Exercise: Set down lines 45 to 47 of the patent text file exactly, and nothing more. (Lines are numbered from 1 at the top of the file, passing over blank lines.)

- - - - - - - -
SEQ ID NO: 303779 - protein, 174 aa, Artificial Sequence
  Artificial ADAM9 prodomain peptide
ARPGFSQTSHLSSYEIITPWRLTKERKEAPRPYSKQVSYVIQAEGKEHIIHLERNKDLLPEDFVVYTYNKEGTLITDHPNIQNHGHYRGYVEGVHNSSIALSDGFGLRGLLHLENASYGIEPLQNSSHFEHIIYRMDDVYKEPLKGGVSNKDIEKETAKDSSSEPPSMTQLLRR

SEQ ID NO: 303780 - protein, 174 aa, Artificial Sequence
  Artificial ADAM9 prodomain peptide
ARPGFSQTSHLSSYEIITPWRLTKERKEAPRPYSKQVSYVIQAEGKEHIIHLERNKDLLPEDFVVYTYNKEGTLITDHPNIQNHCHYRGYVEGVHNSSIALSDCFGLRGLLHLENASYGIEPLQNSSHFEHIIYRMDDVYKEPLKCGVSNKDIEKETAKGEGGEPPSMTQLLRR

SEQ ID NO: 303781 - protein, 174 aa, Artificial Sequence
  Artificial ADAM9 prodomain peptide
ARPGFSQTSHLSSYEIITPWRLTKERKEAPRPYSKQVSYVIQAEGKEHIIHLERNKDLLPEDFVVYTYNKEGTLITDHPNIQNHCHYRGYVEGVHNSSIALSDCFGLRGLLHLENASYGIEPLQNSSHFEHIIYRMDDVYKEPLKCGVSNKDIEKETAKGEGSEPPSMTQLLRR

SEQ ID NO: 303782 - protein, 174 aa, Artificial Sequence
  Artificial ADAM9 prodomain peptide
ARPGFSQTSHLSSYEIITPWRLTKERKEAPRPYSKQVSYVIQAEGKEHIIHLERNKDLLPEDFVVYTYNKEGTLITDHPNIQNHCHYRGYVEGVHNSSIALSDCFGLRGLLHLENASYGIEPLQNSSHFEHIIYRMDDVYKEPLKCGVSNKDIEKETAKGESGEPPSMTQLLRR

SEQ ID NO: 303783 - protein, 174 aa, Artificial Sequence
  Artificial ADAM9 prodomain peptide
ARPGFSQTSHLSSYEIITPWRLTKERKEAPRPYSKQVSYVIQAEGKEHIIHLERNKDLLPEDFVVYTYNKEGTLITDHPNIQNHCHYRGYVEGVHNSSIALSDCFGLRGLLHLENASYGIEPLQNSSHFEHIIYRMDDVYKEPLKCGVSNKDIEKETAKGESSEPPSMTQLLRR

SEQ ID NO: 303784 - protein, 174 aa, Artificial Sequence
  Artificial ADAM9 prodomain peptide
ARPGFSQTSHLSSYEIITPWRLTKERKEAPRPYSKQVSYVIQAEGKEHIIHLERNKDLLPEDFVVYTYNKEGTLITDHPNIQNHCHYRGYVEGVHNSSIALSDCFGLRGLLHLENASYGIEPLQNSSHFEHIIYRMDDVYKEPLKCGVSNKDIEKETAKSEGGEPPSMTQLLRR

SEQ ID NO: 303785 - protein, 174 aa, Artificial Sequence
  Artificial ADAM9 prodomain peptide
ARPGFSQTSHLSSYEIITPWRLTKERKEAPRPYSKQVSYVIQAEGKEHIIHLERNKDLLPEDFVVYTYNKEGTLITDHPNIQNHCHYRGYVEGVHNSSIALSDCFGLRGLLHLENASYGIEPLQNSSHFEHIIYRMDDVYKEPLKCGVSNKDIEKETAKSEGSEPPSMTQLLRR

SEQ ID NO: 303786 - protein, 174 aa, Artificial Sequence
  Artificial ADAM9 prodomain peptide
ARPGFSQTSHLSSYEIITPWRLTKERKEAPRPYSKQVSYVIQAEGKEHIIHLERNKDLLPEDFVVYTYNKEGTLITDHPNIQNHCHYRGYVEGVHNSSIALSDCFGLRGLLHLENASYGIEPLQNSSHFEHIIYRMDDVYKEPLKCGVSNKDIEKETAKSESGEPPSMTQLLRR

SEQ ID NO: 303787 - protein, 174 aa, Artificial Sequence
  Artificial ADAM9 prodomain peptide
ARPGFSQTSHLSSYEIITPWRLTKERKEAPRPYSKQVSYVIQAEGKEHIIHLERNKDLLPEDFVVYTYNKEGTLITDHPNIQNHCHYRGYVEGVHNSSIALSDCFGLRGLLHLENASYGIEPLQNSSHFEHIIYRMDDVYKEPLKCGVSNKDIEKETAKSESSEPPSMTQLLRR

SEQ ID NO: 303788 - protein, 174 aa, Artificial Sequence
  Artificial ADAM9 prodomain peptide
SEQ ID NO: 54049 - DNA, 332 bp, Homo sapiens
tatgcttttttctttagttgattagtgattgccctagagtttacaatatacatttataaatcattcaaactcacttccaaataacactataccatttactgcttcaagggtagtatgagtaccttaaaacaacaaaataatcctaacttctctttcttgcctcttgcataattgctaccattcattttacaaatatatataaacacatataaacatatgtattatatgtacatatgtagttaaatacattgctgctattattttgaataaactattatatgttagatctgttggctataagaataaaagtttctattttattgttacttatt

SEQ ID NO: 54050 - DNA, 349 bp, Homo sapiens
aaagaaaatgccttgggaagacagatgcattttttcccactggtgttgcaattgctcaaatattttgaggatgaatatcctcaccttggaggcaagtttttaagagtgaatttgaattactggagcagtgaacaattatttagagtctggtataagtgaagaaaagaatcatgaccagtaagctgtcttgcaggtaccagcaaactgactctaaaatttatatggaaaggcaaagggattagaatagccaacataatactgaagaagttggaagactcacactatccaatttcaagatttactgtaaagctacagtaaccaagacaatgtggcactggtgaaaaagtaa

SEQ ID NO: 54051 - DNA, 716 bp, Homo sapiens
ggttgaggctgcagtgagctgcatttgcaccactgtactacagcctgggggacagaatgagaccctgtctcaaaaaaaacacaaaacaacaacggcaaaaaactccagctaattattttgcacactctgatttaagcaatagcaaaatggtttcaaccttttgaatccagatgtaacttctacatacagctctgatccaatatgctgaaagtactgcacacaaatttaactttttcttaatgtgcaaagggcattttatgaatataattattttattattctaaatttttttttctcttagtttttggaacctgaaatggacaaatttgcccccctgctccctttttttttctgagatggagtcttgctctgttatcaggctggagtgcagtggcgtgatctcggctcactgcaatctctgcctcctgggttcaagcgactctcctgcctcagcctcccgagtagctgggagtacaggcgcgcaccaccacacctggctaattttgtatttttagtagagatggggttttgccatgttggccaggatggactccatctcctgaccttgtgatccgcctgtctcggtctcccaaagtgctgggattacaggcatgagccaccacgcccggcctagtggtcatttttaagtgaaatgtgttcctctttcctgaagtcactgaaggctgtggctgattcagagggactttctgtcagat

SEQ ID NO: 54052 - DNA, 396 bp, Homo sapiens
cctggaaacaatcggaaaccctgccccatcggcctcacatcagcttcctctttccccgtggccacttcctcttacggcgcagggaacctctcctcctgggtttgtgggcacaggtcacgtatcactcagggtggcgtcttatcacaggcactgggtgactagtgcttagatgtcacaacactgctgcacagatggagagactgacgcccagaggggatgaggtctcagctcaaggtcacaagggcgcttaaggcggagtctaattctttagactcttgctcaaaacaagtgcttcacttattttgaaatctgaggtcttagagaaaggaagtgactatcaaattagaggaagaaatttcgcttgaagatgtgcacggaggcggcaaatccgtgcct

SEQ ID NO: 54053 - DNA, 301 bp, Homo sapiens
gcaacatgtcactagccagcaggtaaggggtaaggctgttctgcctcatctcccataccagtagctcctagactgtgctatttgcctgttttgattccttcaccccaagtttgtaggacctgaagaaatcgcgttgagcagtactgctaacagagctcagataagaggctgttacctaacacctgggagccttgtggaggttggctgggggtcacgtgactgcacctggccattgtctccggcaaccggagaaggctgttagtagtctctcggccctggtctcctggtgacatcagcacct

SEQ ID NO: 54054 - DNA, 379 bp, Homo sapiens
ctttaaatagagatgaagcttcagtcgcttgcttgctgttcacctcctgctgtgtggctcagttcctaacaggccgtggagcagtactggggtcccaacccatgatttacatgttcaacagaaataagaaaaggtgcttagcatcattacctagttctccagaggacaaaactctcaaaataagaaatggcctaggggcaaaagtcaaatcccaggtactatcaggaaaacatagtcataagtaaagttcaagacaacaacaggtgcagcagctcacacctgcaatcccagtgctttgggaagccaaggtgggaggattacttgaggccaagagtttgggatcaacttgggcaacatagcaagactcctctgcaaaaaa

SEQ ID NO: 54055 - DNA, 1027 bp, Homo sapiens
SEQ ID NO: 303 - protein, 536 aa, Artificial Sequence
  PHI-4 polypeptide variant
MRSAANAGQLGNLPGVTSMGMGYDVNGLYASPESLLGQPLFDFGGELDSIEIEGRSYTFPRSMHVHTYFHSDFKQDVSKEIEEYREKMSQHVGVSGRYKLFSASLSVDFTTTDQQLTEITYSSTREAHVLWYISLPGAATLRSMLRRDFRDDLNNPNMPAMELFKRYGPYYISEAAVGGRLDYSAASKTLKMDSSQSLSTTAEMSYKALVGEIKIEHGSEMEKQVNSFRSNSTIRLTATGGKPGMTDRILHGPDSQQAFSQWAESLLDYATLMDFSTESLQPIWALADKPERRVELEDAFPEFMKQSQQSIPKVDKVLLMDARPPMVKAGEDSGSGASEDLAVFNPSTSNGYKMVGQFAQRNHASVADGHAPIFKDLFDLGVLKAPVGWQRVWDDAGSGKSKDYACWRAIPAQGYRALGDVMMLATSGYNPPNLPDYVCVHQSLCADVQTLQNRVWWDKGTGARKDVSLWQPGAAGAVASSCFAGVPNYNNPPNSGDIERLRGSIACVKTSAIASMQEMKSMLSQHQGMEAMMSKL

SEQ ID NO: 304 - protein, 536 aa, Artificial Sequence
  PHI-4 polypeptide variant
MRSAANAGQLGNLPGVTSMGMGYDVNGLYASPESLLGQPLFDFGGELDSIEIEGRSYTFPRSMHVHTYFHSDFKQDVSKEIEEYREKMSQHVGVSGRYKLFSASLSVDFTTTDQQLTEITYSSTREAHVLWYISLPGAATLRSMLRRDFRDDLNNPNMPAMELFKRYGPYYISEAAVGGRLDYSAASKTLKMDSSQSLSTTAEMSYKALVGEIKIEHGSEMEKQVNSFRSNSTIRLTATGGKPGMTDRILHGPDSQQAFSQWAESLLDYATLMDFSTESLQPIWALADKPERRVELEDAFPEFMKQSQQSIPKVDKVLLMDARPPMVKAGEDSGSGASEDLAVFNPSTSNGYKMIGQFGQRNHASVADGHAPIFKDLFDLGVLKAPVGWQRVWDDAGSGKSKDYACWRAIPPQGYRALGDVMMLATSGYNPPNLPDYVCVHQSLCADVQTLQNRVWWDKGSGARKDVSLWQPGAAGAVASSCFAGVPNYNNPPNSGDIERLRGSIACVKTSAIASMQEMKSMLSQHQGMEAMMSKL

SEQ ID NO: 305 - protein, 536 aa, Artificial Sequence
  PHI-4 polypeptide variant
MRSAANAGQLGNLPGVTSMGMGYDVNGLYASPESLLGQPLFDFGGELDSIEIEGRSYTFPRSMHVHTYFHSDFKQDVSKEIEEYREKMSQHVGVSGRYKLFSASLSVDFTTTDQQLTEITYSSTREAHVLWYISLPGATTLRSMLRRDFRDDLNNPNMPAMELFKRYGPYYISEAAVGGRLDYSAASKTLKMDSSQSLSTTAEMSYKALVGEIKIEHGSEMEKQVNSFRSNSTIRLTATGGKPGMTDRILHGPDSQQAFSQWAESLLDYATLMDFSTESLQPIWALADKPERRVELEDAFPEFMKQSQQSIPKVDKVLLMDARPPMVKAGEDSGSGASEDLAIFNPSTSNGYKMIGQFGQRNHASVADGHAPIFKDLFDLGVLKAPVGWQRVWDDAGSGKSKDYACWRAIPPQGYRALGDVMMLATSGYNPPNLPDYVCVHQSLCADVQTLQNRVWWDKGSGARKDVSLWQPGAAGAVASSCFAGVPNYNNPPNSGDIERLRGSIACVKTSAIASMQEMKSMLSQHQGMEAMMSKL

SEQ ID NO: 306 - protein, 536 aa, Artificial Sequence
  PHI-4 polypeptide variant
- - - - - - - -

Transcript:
MRSAANAGQLGNLPGVTSMGMGYDVNGLYASPESLLGQPLFDFGGELDSIEIEGRSYTFPRSMHVHTYFHSDFKQDVSKEIEEYREKMSQHVGVSGRYKLFSASLSVDFTTTDQQLTEITYSSTREAHVLWYISLPGAATLRSMLRRDFRDDLNNPNMPAMELFKRYGPYYISEAAVGGRLDYSAASKTLKMDSSQSLSTTAEMSYKALVGEIKIEHGSEMEKQVNSFRSNSTIRLTATGGKPGMTDRILHGPDSQQAFSQWAESLLDYATLMDFSTESLQPIWALADKPERRVELEDAFPEFMKQSQQSIPKVDKVLLMDARPPMVKAGEDSGSGASEDLAVFNPSTSNGYKMVGQFAQRNHASVADGHAPIFKDLFDLGVLKAPVGWQRVWDDAGSGKSKDYACWRAIPAQGYRALGDVMMLATSGYNPPNLPDYVCVHQSLCADVQTLQNRVWWDKGTGARKDVSLWQPGAAGAVASSCFAGVPNYNNPPNSGDIERLRGSIACVKTSAIASMQEMKSMLSQHQGMEAMMSKL

SEQ ID NO: 304 - protein, 536 aa, Artificial Sequence
  PHI-4 polypeptide variant